Chancellor Angela Merkel weighs tougher approach to Turkey after arrests | News | DW | 01.09.2017
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Chancellor Angela Merkel weighs tougher approach to Turkey after arrests

German Chancellor Merkel has called for a rethink of Berlin’s attitude towards Ankara after Turkey detained two more German citizens. Relations between the countries have been deteriorating since the failed 2016 coup.

There is "no legal basis" for detention in most of these cases, Merkel said, referring to the two Germans arrested on Thursday in Turkey, bringing the total number of German citizens detained in the country for political reasons to 12.

"That's why we need to react decisively here," she said, adding that the government would "perhaps have to rethink" its relations with Turkey.

Read more: Two more Germans detained in Turkey for political reasons

Merkel said Germany had already "significantly revamped" its ties with Ankara, but that the latest events meant "perhaps it is necessary to rethink them ever further," adding that there would be no further talks about Ankara's participation in an EU customs union until the current situation is resolved.

"Our demands to Turkey are very clear," German government spokesman Steffen Seibert said. "We expect Turkey to release the German nationals who were arrested on unjustifiable grounds."

Relations between the NATO allies have been frayed since Berlin criticized Ankara over the crackdown that followed last year's failed coup attempt.

Arrested developments

The arrest of the two Germans on Thursday brings to 55 the number of Germans detained in Turkey, 12 of whom are being detained for political reasons and four of these have dual German-Turkish citizenship - including the German-Turkish journalist Deniz Yucel, now 200 days in detention - the German Foreign Ministry said.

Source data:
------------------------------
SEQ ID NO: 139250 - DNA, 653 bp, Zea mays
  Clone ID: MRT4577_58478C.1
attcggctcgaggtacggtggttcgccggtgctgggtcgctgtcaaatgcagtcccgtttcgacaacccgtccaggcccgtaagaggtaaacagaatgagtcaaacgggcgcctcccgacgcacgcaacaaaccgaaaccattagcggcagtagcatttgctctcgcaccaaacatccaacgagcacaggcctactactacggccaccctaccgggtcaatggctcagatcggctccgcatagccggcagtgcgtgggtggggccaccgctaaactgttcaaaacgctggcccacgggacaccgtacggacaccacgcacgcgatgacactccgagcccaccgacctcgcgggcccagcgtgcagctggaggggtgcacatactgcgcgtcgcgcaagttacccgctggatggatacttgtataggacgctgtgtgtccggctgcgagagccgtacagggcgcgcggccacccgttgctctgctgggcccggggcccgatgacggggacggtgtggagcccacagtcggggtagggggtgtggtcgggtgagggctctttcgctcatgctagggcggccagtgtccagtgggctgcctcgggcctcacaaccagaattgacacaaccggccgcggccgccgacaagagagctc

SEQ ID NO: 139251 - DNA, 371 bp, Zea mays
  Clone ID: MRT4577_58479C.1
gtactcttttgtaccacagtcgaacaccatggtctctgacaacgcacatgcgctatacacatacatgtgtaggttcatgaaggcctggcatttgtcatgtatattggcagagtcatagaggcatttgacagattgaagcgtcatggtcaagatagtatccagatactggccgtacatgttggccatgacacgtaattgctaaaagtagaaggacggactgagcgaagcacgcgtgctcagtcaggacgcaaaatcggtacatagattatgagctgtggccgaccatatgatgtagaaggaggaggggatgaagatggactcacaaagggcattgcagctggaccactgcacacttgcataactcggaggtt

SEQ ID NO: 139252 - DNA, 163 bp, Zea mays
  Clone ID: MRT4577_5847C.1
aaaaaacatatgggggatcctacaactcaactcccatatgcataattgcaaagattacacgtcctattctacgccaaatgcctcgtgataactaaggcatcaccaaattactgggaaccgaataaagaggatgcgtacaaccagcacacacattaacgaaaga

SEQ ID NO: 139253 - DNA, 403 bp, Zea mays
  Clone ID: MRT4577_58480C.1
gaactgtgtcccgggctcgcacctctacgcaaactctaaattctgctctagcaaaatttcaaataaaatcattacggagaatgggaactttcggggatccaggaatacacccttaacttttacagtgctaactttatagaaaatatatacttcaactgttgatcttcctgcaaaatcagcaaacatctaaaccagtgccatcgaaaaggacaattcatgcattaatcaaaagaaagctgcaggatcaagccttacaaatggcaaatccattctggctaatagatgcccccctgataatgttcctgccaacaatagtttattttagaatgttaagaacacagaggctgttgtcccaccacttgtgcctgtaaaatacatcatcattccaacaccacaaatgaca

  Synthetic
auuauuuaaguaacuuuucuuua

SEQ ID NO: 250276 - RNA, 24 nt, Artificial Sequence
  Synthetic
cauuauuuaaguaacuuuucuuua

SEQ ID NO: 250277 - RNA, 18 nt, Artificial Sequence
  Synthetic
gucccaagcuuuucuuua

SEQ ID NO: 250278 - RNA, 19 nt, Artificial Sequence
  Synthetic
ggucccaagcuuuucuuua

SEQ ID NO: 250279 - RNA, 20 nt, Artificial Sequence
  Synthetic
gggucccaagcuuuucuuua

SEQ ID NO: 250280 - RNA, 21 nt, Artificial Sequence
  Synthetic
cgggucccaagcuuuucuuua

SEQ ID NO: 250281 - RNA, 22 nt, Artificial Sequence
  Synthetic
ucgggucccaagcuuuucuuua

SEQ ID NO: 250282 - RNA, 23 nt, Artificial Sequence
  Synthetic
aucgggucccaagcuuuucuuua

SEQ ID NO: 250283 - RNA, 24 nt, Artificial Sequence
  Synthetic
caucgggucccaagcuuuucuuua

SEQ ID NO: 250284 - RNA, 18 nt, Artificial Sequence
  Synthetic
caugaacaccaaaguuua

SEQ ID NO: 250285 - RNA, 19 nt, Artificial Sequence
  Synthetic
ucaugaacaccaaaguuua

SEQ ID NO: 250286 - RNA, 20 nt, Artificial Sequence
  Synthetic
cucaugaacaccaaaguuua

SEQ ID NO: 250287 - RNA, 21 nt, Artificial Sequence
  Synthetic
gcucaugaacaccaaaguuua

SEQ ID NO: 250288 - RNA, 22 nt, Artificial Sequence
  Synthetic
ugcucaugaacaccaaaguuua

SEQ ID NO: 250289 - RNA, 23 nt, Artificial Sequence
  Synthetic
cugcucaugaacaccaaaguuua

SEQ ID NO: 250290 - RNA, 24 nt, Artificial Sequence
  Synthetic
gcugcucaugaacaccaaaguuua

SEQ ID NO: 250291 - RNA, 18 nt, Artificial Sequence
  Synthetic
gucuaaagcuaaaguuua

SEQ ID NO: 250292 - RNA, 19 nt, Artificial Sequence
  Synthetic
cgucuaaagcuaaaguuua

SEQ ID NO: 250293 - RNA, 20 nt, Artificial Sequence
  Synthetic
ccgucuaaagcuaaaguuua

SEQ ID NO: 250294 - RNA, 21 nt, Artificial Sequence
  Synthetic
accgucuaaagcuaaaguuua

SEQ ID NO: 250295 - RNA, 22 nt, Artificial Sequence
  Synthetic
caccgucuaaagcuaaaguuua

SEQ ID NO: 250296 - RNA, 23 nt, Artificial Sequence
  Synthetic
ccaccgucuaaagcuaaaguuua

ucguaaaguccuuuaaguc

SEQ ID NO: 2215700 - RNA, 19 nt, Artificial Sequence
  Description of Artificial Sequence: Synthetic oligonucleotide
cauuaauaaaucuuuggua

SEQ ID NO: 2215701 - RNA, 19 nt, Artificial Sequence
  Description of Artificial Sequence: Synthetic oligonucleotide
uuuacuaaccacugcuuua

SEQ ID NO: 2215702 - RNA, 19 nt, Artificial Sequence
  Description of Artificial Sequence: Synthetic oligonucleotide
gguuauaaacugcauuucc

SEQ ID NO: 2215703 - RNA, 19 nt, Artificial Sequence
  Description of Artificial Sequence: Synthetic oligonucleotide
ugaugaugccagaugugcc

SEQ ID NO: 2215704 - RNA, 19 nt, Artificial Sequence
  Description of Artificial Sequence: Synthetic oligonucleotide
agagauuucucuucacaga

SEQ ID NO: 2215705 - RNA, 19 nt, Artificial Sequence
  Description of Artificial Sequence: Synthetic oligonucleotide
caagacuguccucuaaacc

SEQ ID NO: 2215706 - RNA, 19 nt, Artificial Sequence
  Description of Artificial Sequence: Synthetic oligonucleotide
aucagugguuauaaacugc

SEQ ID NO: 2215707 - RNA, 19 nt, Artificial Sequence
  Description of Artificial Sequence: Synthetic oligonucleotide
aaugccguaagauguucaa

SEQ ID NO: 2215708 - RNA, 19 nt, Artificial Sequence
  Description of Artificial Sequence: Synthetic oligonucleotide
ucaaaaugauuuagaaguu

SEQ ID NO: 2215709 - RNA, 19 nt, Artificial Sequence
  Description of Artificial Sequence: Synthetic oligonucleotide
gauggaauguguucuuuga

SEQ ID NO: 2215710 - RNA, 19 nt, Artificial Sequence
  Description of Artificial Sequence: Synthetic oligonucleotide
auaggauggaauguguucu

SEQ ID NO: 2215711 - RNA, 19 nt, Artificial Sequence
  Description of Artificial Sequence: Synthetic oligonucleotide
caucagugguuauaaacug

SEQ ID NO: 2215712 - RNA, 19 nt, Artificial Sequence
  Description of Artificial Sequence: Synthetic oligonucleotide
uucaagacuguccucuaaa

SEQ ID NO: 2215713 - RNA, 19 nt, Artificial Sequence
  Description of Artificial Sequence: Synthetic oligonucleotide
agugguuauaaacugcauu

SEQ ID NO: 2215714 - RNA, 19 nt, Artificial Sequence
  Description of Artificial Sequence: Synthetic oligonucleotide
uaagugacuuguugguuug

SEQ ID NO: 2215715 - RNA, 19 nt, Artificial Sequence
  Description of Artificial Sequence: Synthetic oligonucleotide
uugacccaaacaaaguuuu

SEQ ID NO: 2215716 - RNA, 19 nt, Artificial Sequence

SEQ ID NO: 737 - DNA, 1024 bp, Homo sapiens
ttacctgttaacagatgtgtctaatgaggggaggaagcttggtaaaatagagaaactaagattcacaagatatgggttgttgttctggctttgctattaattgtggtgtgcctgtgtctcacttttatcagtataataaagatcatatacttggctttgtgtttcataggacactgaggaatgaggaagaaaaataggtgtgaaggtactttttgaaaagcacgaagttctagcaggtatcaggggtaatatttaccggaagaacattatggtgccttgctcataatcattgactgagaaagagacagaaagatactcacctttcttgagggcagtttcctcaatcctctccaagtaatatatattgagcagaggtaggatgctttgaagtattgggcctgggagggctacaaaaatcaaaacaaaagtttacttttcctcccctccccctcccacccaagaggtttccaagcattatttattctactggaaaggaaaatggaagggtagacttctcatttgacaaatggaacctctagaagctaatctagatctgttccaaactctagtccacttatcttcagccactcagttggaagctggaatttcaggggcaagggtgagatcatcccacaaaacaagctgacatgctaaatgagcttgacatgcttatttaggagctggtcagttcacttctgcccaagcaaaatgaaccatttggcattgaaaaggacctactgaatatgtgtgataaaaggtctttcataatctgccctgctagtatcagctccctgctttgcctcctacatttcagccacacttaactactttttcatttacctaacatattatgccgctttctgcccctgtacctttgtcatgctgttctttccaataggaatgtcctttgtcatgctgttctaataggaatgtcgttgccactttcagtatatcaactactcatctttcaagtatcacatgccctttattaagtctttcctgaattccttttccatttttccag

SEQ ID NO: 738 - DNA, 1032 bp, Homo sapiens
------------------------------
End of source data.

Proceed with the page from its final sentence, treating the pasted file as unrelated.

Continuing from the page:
Turkey's state-run Anadolu Agency reported that two German citizens of Turkish origin had been detained at Antalya Airport for alleged links to the network of US-based cleric Fethullah Gulen, whom Ankara has accused of organizing last year's attempted coup.

German news weekly Der Spiegel reported on Saturday that Turkey formally requested Berlin shut down the bank accounts of alleged Gülen supporters. The request was part of an unsuccessful diplomatic effort on Turkey's behalf to encourage Germany to deport and crack down on supporters of the loose-knit organization.

Confusion reigns

Germany has not officially been informed of the two new detentions, which took place at Antalya Airport on Thursday.

Berlin's consulate in the coastal city of Izmir learned of their arrest from "non-state sources," Foreign Ministry spokeswoman Maria Adebahr told a news conference.

"We're trying to establish what they are charged with," said Adebahr said. "We must assume that it's a political charge, suspicion of terrorism, as with the others."

Diplomats had not been able to contact them, she added, with Friday's public holiday celebrating the Muslim festival of Eid al-Adha a possible reason for delays in contacting officials.

To formally warn German travelers?

There are calls for Berlin to issue a formal travel warning for Germans heading to Turkey. The government in July urged German citizens to exercise caution if traveling to Turkey but didn't issue a formal travel warning.

Social Democrat Martin Schulz, Merkel's main challenger in the September 24 elections, on Friday said more measures were needed to make clear Germany's ire with Turkey over the detainments, adding that a formal warning against travel to Turkey would be one possible step.

Jürgen Hardt, a senior member of Merkel's conservative Christian Democrats (CDU), told Die Welt newspaper that a further tightening of the travel guidance "should be seriously considered."

Watch video 00:14

Cem Özdemir: "Erdogan wants to establish Turkey in Germany"

Cem Ozdemir, one of the leaders of the Green party, told Bild newspaper he could no longer assure anyone they would be safe in Turkey. "Erdogan is no president, but a hostage-taker," Ozdemir told the daily newspaper Bild.

Following the arrest of human rights activist Peter Steudtner earlier this year, Berlin promised measures to impact tourism and investment in Turkey and a full "overhaul" of relations.

Turkish President Recep Tayyip Erdogan in August called on ethnic Turks in Germany to vote for Schultz in the elections, then said they should not support any of Germany's main parties.

aw, jbh/sms (Reuters, AP, AFP, dpa)

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